Greendale man, declared blind, accused of defrauding government

Dec. 23, 2012

Doctors declared Lawrence Popp legally blind in 2004, helping pave the way for the Greendale man to collect $3,200 in Social Security disability payments every month.

Popp, the owner of a distributing company, claimed his income dropped to $9,400 a year from $87,000 once he went blind. The payments were meant to help support Popp, his wife and their two young children.

As it turns out, Popp is not blind, according to a federal investigator with the Social Security Administration. He's been operating several businesses and making hundreds of thousands of dollars, spending on lavish items such as a $25,000 diamond and emerald necklace for his wife, a recently released affidavit for a search warrant states.

Federal agents caught him on video in 2008 driving to a meeting at the Social Security office in Greenfield. He parked his car several blocks away and walked to the office.

During the meeting he "stated repeatedly, and eventually signed a sworn statement, denying he has ever driven since becoming 'blind,' " according to the warrant that was issued in 2009 but unsealed only last month. Popp was federally indicted in March, also under seal. Court documents also indicate he also drove a snowmobile.

A trial is set for Popp, 57, in April.

Popp's attorney, Raymond Dall'Osto, said the case may be resolved short of trial. He said he is limited about what he can say because the case is pending and because of health care privacy laws.

However, he added, "The initial determination of disability (for Popp) was appropriate and he is still disabled and more so," Dall'Osto said.

The federal prosecutor in the case declined to comment.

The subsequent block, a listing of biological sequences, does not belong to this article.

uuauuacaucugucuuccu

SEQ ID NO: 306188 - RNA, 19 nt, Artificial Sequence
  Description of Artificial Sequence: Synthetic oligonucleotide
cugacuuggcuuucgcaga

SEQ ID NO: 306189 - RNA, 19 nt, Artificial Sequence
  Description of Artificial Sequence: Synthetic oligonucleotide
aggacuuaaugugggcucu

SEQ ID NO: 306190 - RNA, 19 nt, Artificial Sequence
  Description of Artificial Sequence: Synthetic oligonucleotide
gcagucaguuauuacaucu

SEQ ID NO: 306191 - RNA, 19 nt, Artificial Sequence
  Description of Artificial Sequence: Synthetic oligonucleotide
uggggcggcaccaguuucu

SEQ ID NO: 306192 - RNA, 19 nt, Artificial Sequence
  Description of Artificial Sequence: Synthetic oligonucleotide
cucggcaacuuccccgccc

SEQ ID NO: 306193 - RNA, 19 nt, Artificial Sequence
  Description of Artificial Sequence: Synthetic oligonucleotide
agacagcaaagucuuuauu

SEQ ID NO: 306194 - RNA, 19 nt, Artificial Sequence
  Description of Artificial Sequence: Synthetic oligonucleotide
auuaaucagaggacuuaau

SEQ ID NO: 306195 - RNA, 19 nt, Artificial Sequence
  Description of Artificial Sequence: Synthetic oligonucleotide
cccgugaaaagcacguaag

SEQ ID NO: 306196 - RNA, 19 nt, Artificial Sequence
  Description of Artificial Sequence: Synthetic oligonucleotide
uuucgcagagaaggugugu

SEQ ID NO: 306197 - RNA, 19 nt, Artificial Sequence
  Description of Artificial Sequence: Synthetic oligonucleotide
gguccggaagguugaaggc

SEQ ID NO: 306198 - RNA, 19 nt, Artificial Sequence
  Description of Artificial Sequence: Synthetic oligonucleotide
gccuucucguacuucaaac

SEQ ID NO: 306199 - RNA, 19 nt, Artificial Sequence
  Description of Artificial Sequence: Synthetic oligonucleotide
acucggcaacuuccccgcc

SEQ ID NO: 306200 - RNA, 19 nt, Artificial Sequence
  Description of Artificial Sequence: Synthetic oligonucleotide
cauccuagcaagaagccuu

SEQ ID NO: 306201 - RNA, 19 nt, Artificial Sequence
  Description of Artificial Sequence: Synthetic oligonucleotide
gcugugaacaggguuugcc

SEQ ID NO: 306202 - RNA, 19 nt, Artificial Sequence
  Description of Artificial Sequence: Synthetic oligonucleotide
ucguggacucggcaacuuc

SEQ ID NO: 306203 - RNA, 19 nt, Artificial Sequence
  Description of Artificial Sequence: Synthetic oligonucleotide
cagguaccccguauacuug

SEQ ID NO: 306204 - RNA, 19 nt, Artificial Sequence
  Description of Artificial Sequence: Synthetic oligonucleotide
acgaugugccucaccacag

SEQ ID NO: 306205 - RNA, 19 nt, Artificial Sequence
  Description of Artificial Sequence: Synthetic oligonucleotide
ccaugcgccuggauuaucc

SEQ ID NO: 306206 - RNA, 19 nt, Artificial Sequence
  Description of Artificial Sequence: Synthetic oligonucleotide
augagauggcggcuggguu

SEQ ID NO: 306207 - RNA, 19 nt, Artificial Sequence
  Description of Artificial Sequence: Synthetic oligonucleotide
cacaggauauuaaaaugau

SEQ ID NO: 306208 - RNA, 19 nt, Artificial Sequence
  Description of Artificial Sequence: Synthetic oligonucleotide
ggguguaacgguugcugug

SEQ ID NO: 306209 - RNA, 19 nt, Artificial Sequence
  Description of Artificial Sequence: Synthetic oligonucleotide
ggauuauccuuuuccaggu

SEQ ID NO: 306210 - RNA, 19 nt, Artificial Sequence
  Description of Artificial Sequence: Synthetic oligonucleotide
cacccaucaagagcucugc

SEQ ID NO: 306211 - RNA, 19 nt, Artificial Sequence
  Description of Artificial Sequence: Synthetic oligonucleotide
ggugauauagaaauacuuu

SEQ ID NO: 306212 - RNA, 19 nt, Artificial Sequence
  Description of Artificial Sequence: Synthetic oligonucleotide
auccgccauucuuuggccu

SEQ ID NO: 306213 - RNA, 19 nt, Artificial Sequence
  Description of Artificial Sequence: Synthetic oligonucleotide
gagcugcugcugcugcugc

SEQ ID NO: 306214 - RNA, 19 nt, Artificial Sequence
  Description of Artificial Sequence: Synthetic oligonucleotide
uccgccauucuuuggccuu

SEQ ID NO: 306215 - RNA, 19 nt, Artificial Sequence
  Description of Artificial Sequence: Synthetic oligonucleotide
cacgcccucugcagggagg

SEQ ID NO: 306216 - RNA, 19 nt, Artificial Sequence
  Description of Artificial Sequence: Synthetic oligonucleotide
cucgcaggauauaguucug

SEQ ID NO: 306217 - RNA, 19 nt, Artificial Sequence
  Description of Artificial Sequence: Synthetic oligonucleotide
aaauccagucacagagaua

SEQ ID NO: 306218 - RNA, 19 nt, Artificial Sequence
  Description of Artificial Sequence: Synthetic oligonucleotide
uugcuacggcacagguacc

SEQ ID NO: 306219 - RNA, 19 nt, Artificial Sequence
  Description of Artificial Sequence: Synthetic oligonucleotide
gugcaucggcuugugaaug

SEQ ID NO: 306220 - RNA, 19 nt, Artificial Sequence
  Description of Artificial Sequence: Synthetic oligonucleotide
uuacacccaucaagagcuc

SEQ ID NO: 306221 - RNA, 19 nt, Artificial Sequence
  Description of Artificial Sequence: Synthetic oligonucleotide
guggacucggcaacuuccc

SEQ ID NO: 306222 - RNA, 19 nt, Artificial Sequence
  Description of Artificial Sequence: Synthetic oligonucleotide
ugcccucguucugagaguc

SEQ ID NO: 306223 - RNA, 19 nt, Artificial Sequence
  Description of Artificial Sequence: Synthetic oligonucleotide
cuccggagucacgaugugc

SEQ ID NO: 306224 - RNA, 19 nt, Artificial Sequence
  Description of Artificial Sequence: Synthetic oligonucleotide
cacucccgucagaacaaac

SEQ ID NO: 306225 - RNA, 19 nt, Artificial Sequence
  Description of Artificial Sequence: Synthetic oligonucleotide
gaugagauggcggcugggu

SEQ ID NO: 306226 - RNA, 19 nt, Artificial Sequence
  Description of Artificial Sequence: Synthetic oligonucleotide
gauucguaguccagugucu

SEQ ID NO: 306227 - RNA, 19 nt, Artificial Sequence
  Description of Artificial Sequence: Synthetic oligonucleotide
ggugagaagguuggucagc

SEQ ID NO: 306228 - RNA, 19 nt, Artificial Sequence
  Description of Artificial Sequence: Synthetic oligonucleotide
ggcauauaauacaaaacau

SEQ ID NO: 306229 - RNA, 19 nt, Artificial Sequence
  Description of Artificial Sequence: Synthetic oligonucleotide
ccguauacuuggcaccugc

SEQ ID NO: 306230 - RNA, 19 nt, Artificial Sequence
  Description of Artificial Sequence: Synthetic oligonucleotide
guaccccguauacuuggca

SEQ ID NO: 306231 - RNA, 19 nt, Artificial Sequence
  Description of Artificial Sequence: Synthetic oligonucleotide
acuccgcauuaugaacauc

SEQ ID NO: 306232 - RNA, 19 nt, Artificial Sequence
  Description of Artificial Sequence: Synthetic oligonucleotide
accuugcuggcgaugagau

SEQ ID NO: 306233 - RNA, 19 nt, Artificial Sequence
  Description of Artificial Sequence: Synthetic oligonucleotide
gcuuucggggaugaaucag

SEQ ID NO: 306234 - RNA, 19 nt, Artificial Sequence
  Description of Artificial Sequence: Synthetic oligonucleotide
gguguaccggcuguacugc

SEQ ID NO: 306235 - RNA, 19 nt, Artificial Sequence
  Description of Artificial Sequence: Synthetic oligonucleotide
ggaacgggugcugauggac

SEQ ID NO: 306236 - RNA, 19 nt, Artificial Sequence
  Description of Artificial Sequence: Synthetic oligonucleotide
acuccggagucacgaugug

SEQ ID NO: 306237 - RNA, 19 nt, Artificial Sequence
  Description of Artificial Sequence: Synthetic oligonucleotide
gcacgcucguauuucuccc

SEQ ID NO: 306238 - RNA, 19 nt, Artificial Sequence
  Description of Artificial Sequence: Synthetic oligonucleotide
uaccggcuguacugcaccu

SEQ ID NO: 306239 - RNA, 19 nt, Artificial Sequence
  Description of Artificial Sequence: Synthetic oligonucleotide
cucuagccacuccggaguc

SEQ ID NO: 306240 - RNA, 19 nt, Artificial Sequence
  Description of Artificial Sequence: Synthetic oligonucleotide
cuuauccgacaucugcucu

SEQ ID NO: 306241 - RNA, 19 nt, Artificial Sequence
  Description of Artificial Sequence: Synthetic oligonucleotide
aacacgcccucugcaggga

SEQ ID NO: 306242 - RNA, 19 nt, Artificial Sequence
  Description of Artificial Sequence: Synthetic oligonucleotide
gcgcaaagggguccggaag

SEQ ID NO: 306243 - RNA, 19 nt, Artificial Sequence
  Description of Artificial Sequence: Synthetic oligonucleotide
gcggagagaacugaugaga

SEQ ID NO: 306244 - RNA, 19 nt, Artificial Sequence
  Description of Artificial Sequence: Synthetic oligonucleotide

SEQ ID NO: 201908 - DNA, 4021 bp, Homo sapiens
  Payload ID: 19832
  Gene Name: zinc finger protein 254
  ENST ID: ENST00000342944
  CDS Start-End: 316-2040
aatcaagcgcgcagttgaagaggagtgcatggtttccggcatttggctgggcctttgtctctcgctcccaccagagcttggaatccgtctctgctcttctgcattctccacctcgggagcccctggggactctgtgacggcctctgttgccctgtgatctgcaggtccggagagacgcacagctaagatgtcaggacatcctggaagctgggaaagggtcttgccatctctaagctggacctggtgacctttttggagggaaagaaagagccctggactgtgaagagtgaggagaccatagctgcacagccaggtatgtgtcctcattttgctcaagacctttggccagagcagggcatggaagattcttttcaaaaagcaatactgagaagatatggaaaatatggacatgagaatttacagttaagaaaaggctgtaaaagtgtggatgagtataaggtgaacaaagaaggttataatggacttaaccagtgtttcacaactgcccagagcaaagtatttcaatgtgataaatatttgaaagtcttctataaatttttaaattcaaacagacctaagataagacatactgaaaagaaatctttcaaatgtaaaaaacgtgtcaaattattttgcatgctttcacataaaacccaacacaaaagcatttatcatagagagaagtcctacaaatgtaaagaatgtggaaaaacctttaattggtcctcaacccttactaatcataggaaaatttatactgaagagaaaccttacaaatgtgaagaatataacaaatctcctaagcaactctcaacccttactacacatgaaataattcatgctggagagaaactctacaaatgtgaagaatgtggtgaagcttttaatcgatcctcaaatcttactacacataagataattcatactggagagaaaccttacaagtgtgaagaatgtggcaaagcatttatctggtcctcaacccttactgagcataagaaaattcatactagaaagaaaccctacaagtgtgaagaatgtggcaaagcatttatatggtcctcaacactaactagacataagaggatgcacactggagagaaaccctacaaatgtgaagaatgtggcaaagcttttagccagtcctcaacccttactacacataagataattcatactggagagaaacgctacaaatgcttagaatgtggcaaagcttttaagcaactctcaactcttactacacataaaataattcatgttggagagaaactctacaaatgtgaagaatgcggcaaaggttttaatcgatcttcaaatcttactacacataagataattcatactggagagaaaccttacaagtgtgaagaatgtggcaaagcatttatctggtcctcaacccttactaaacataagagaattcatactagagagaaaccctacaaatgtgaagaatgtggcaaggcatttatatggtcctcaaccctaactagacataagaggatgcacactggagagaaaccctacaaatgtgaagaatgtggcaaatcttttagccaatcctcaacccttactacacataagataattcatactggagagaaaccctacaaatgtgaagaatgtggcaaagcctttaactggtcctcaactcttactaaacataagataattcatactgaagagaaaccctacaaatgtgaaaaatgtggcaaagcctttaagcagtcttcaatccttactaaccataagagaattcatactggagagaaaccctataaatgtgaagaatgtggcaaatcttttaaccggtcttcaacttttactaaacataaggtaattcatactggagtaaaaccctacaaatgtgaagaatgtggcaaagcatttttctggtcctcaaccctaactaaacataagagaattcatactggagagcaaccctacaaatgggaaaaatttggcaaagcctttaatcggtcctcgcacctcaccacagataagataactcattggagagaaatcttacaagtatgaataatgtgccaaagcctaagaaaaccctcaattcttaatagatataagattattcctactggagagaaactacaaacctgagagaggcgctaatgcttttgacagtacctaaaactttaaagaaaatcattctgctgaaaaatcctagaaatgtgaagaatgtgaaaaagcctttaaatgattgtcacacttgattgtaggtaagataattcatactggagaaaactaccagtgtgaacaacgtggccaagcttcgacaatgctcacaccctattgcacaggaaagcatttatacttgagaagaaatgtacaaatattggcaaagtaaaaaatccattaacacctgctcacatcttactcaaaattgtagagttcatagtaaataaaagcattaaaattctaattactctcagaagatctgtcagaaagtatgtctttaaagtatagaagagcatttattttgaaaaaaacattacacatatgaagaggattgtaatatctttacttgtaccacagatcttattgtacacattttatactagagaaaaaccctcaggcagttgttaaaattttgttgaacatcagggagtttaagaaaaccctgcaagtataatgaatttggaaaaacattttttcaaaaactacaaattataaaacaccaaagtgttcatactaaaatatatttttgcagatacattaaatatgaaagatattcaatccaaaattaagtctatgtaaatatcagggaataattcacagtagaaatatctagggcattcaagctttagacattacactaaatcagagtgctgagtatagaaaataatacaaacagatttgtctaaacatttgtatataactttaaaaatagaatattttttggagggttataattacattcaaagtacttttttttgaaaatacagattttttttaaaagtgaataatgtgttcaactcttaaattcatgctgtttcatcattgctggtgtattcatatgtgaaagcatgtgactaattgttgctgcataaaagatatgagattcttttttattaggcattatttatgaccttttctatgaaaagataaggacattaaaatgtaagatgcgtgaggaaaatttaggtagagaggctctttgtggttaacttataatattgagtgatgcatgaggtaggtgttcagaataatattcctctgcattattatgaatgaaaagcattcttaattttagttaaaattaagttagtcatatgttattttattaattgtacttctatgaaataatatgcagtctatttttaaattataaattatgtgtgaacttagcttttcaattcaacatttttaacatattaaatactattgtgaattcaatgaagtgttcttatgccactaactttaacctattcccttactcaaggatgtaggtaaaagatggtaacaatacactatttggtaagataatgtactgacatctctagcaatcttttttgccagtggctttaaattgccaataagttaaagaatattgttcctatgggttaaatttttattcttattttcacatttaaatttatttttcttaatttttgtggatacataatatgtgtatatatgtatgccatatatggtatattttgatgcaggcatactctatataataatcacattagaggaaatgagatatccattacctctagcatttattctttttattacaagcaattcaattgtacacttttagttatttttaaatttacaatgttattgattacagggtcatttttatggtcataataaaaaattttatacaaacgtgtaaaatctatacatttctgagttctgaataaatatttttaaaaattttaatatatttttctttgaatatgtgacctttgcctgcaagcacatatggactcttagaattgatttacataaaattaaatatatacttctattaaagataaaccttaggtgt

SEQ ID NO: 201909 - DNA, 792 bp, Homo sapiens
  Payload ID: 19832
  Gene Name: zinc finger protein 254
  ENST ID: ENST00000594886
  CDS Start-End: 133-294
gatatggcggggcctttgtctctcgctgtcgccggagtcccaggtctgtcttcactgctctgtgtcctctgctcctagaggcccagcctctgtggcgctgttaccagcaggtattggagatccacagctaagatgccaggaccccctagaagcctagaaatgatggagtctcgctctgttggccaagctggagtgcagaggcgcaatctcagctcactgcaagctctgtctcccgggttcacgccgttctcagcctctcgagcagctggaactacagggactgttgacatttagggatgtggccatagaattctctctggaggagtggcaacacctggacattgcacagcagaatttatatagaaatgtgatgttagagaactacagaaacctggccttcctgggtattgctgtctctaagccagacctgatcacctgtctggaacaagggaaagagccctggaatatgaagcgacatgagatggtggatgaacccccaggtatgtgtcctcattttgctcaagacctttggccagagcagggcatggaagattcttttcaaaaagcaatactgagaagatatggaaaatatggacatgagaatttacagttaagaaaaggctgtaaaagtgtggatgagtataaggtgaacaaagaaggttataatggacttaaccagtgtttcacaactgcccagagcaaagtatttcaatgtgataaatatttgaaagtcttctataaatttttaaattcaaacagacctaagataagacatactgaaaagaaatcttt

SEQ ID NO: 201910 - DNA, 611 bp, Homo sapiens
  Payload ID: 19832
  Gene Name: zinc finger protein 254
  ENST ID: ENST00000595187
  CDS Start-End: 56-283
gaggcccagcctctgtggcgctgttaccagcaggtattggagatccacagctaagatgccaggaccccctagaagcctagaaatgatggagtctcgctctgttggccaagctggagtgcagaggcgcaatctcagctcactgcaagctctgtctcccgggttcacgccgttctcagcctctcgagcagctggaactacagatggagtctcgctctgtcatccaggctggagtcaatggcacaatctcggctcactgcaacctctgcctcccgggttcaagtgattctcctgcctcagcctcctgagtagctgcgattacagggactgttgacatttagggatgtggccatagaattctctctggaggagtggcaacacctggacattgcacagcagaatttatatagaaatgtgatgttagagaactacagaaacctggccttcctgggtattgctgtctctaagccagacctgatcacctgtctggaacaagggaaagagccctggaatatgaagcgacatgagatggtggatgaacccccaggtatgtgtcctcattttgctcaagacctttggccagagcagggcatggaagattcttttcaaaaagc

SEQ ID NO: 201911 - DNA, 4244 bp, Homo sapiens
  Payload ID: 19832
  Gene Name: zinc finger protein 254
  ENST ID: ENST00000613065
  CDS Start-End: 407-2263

According to the indictment, Popp illicitly collected $175,000 in disability payments as well as $115,000 in Medicare benefits between 2004 and 2009. In addition he reportedly evaded taxes totaling about $178,000.

Investigators say Popp was laundering money from one of his companies, Refrigerated Equipment Distributors Co., through a "sister" business, Commercial Sales Agency.

In a wiretapped phone conversation in 2009 with his then-ex-wife, Kimberly Popp, Lawrence Popp said he sold his distributing company for $700,000 and did not disclose the proceeds to the Social Security Administration. He also said he paid $2,000 a month for a membership to the Milwaukee Athletic Club.

Kimberly Popp told investigators the couple vacationed regularly in the Cayman Islands and Lawrence Popp had opened a bank account there. That's where he bought her the diamond necklace, she said. The couple divorced in 2007.

Popp signed paperwork in 2004 when he applied for disability benefits, agreeing to notify the department if his medical condition improved or if he were to get a job or generate income from self- employment.

"The facts gathered thus far in the investigation show that the income Lawrence J. Popp reported to the Internal Revenue Service on his federal income tax returns . . . cannot support his lifestyle, his increase in net worth, or his accumulation of assets," the investigating agent, Michael Clemens, wrote in the affidavit. "The facts also show that Popp is falsely claiming that he is blind and underreporting his earned income in order to collect Social Security disability benefits."

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